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Goalies, Facial Hair and Heroes –Cagle

January 2012
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Kempenfelt Group assembled a group called the “hairy printers,” with each member challenged to raise at least $200 to go toward fighting the No. 1 cancer that afflicts men. As of its latest tally, “hairy printers” had raised nearly $3,300.

Movember, a global initiative that traces its birth to Australia in 2003, had raised $176 million prior to this year, including an all-time high of $76.8 million in 2010. Participants enter the month of November clean-shaven, then grow and cultivate their “Mos” to raise money and awareness of prostate cancer.

To find out more about Movember, visit

HEROIC HELP: Rounding out our theme of all things Canadian is a marketing stroke of genius, courtesy of Etobicoke, Ontario-based Printer Gateway. Its owner, Brian Armstrong, was looking for a solution to combat major U.S. trade printers that, he contends, are selling at wholesale prices in the Canadian market. Plus, he was battling alleged unethical business practices within Canadian trade shops.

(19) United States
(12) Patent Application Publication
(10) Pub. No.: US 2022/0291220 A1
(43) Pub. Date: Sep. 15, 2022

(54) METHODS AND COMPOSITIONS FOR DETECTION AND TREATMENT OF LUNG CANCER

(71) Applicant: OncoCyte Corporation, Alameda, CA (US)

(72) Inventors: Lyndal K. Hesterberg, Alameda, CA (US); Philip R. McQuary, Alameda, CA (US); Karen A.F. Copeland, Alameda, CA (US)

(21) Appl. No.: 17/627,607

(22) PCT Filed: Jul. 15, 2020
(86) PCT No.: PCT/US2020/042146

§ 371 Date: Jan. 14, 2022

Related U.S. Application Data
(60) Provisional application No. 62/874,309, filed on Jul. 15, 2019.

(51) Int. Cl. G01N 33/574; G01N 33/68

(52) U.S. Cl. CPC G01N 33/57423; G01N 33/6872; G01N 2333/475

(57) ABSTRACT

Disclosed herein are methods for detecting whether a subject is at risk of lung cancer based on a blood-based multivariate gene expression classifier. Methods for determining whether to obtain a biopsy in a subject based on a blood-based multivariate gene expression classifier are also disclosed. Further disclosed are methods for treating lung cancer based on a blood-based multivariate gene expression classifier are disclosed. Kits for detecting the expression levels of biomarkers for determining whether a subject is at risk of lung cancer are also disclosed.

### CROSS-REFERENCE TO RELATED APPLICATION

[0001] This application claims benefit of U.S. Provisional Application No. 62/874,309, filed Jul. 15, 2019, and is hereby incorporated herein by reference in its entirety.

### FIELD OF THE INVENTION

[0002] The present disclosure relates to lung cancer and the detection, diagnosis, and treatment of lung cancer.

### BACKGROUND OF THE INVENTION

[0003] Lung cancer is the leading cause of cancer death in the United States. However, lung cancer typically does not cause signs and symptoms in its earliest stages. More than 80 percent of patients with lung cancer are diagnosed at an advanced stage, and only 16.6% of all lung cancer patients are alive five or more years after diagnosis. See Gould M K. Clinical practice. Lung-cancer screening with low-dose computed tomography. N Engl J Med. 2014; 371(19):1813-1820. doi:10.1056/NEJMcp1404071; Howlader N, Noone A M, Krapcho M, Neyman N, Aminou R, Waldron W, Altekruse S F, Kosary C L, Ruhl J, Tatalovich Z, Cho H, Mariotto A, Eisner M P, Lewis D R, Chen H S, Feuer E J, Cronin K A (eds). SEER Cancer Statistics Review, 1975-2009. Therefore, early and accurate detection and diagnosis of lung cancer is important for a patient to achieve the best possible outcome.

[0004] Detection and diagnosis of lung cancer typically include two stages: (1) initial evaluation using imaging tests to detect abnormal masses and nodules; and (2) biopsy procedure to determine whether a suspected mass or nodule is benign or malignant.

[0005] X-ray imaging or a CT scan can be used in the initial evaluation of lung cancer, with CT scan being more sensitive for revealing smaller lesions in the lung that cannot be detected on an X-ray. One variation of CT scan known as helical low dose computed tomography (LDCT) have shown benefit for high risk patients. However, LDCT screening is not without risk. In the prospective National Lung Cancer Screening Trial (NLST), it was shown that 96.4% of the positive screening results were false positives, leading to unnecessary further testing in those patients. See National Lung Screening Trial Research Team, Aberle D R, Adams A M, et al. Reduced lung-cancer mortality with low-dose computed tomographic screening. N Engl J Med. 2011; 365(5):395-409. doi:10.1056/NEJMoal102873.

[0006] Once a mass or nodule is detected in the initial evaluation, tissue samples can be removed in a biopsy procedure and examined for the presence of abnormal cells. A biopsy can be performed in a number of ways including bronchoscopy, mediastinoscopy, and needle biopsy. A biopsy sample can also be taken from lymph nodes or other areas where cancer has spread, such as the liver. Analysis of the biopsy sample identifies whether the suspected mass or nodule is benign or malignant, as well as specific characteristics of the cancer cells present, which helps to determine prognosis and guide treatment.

Well, who better to turn to for help than a super hero?

Richard Comely, the artist behind Captain Canuck, sought out the printer to produce a special edition of the comic book. Armstrong and Comely pooled their talents to produce the “100% Canadian Super Power Team-Up” marketing campaign. Printer Gateway churned out 30,000 copies of the 81⁄2x11˝ foldout brochure, and it became an instant hit. Comely also signed copies of the brochure at Graphics Canada last November.

“I’d been talking to (Comely) about market conditions,” Armstrong explains. “It was kind of organic, not planned. The response has been phenomenal; far better than I ever expected. We’ve gained exposure from local media, not just the trade press. I’ve received e-mails from across the country, all positive.

“Every once in a while, you strike a chord,” he adds. “It spoke to the right people, I guess.”

Armstrong’s campaign is not a slight to U.S. printers per se, but more of a stance against trade printers that sell directly to customers. Who can blame them for asking customers to “stand proud and support Canadian companies” in a competitive climate?

Besides, someone has to battle Harold the Hickey, who threatens to ruin every signature. PI



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